Recovering The SelfA Journal of Hope and Healing

Disabilities

My Life Disabled

by Trish Hubschman

I’m deaf/blind and have walking/balance issues. I have a progressive neurological condition. Nobody has ever been able to figure out what it is. I’ve been to countless neurologists over the years. They’ve put me through the same battery of tests, but no one’s been able to come up with a diagnosis. I have my own theory. I presented it to the last neurologist I went to. She didn’t agree with me, but my theory makes more sense than anything else. I was diagnosed with optic atrophy of the eyes when I was eighteen months old. At two years of age, I contracted a staph infection and was hospitalized for ten days. I think the gene that caused the optic nerve damage altered and caused the other disabilities. This condition is called optic atrophy 1 (OPA1).

I know I didn’t have a hearing or walking problem early on. In the 1970s, I watched a lot of television. I sat on the floor close to the set because of my vision loss, but I don’t think I had any trouble hearing it, nor did I turn the volume up. The result of watching TV is that I have a good speaking voice and an imagination. I also read a lot and had my nose close to the book.

When I was around ten, my folks noticed something odd about my hearing and walking. I got my first set of hearing aids (HAs) when I was in fourth grade. It was a horror story. There was too much screeching noise. Nothing made sense. I spent more time trying to hide from everyone because sound coming in was physically painful. Nothing positive came out of those hearing aids. I took them off and that was the end of that. I was labeled lazy and in my own world after that. In sixth grade, I started writing poetry and short stories. I was content, though lonely. I was shy and it was easier and safer being alone than having to try and explain my disabilities to people, especially when I didn’t understand them myself.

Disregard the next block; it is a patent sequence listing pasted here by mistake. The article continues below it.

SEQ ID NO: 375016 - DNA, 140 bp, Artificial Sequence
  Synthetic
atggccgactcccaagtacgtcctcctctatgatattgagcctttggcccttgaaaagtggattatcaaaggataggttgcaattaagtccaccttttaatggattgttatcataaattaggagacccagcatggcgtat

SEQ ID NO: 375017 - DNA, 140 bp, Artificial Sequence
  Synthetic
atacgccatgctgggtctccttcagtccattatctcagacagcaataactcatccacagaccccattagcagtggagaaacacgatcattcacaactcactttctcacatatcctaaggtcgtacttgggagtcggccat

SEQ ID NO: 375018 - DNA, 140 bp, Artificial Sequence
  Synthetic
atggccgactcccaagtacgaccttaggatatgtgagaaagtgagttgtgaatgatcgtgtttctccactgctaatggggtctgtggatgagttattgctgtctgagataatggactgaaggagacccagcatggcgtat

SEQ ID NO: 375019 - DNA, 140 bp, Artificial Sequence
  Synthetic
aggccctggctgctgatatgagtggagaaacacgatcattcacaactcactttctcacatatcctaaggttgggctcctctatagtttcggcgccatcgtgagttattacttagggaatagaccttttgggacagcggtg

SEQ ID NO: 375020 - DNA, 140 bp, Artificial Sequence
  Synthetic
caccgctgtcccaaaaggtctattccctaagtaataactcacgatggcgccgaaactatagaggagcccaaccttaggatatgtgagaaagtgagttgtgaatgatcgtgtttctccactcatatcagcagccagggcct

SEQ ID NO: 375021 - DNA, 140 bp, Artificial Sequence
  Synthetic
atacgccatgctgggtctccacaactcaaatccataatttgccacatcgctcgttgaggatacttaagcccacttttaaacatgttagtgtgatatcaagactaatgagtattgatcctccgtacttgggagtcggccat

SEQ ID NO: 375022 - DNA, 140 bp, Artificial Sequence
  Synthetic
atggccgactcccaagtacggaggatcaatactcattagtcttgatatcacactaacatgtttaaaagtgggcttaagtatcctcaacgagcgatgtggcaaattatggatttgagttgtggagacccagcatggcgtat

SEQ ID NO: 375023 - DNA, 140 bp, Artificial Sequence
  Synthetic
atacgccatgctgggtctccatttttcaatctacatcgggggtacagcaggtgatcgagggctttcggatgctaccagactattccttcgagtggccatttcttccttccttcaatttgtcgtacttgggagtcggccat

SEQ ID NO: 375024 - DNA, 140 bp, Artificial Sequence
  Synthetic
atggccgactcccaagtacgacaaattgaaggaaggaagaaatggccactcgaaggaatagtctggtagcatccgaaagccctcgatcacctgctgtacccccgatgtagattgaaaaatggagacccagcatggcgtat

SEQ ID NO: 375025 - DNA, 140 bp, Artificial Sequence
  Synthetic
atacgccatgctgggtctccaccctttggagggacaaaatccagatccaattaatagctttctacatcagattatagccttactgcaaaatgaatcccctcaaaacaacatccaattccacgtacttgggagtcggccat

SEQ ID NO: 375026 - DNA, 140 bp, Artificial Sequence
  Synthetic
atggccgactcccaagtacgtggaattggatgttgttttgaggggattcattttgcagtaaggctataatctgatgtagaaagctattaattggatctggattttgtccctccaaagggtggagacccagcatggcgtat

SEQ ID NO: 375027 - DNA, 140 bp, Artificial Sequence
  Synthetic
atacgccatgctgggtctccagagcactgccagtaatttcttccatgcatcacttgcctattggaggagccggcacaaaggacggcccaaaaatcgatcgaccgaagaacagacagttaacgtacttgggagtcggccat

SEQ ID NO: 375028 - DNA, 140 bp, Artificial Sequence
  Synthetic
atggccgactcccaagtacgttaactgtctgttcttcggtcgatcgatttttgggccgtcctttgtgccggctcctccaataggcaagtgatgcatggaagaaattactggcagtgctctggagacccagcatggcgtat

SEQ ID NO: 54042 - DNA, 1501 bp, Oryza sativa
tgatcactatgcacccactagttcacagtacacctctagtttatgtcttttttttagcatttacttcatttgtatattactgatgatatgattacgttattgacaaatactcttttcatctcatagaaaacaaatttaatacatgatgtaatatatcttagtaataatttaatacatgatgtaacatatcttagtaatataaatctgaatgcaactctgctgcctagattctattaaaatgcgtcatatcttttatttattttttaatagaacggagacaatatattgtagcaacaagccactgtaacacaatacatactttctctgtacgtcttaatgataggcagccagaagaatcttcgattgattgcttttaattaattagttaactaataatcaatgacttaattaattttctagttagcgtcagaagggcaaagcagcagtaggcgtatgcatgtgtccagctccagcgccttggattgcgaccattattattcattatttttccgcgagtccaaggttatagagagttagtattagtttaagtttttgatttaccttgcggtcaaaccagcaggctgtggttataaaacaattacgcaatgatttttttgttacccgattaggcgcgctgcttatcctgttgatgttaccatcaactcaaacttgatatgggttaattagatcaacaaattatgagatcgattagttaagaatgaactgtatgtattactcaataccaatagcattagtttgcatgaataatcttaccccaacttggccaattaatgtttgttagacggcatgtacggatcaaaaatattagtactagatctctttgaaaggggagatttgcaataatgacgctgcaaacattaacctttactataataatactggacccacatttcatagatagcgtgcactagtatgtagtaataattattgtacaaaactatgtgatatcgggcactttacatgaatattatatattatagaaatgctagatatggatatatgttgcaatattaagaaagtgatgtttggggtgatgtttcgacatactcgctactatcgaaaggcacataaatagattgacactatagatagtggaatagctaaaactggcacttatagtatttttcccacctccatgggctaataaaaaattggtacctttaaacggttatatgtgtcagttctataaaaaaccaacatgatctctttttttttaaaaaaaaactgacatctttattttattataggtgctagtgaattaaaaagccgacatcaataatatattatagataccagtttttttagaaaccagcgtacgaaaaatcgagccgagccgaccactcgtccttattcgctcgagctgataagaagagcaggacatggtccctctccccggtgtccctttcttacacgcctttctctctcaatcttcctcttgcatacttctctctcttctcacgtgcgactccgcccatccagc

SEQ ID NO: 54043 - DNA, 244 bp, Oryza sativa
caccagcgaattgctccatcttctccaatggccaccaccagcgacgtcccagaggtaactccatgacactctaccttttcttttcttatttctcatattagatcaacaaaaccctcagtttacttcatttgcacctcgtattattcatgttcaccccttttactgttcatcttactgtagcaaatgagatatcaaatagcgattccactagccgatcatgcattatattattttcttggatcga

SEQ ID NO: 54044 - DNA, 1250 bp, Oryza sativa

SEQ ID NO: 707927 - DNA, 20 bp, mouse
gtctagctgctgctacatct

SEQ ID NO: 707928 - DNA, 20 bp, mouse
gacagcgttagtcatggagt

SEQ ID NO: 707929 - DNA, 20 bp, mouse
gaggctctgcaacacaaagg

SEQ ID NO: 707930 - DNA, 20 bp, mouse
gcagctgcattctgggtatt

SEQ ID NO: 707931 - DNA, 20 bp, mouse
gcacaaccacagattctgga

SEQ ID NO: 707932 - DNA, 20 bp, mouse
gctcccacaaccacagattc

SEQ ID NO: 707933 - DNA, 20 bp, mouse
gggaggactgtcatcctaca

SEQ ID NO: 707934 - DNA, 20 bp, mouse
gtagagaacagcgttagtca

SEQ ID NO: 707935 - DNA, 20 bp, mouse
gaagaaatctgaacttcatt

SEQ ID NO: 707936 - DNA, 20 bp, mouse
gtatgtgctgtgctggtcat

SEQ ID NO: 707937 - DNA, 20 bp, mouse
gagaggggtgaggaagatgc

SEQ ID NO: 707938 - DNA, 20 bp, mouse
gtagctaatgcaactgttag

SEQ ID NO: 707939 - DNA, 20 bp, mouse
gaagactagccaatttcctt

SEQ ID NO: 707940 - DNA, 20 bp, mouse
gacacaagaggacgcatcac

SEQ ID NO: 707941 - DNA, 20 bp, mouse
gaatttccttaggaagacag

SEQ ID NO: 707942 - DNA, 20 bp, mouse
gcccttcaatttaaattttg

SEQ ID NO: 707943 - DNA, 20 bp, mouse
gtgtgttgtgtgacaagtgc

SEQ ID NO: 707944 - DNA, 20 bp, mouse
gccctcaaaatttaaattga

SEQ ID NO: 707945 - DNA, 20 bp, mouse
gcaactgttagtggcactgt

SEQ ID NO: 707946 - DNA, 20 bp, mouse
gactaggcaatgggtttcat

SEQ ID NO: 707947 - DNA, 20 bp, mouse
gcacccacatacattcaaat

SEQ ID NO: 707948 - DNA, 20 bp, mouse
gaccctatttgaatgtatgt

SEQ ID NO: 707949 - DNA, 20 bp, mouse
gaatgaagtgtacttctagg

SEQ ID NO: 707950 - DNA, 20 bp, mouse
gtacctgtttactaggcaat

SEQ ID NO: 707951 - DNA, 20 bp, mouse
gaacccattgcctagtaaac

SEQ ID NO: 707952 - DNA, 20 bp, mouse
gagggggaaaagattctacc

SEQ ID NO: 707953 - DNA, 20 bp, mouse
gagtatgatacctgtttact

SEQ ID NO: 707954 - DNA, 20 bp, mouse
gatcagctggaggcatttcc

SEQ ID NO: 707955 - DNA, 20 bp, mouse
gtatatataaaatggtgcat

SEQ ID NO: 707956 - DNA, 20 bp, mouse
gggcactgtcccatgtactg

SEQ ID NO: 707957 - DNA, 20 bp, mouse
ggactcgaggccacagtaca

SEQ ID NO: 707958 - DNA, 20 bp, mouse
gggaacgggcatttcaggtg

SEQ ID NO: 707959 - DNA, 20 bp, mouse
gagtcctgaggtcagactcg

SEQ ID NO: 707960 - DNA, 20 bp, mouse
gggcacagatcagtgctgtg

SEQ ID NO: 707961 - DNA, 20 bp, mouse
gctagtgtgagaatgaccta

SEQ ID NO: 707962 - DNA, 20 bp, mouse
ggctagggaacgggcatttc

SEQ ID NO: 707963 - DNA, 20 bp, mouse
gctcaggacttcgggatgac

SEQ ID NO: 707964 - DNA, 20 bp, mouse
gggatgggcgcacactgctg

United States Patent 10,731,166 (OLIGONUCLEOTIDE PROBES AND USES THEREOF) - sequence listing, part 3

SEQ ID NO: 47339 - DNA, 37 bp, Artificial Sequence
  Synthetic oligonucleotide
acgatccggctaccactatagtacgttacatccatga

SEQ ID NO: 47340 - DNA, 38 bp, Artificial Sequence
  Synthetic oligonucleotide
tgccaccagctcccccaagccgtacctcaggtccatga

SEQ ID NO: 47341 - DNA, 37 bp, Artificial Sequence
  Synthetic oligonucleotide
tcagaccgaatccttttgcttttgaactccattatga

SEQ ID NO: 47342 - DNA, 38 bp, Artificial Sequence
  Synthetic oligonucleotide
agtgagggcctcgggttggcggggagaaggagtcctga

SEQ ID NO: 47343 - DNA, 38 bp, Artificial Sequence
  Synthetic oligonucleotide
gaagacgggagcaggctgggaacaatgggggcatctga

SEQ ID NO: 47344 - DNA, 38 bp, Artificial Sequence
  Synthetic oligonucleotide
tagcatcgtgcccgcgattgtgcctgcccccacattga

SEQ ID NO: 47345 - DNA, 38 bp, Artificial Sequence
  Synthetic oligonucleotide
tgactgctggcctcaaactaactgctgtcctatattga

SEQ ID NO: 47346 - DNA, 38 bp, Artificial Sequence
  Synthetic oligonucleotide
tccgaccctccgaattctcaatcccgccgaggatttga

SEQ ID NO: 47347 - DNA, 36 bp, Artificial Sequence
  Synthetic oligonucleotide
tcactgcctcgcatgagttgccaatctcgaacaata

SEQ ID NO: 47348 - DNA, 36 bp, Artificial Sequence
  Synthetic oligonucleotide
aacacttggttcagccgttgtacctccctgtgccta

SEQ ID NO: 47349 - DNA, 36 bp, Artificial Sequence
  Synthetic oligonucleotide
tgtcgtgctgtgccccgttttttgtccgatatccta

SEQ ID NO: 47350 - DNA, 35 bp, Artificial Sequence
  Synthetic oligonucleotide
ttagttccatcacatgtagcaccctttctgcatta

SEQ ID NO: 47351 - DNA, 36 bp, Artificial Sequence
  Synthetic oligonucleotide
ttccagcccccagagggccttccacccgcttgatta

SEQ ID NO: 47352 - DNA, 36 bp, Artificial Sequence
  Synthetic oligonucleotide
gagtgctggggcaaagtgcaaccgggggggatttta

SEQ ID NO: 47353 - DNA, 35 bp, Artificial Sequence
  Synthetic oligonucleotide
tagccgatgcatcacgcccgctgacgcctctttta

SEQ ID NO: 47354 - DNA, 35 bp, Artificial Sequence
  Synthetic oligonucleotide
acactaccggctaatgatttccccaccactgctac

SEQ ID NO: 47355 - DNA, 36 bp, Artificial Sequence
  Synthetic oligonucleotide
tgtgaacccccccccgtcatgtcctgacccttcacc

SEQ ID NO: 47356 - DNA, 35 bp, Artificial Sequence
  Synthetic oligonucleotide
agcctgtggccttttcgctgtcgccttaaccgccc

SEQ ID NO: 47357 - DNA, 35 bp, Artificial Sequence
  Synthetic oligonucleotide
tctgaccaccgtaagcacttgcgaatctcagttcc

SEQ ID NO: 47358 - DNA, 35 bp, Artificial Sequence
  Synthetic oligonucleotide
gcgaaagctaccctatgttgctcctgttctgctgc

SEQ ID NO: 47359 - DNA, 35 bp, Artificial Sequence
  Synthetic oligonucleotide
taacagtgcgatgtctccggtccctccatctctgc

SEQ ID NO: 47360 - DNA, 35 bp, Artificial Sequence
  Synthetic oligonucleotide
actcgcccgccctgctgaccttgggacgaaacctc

Teachers kept saying things like, “You wear glasses, why can’t you read the chalkboard?” or “You should get hearing aids, they’ll help.” No, they wouldn’t. I have nerve damage. I needed clarity in hearing, not volume. Hearing aids could only amplify sound. I knew this, but couldn’t explain it to people and I didn’t have a solid doctor’s diagnosis to back me up. That came around 2000. I have auditory neuropathy, a slow-moving auditory nerve. Sometimes the signal gets in. Sometimes it doesn’t. Thus meaning, sometimes I’ll hear something. Sometimes I won’t.

I graduated high school, went to college, then got a job as a typist with a New York State agency and got married. In the mid-1990s, I started looking into getting the cochlear implant (CI). That would improve clarity of sound, not just amplify it. I went to several Ear, Nose, and Throat doctors. They said I was hearing too good to qualify me for the CI. I protested. We were in a quiet room and I could still see faces. Visual clues are important for people with hearing loss. I was referred to Helen Keller National Center on Long Island’s North Shore. I was again fitted for HAs, which were useless. HKNC was too far from where I lived, so I was sent to a college closer to my home to see the audiologist. Finally, I found someone who gave me the name of a CI doctor. In October 2002, I underwent my first CI surgery. The doctor messed up. I was now deaf in my left ear and had no CI. Two years later, I had the surgery at New York University Hospital with a fantastic surgeon. I’ve had two upgrades of the external CI device called a speech processor. The CI isn’t perfect, but it works better with my type of hearing loss.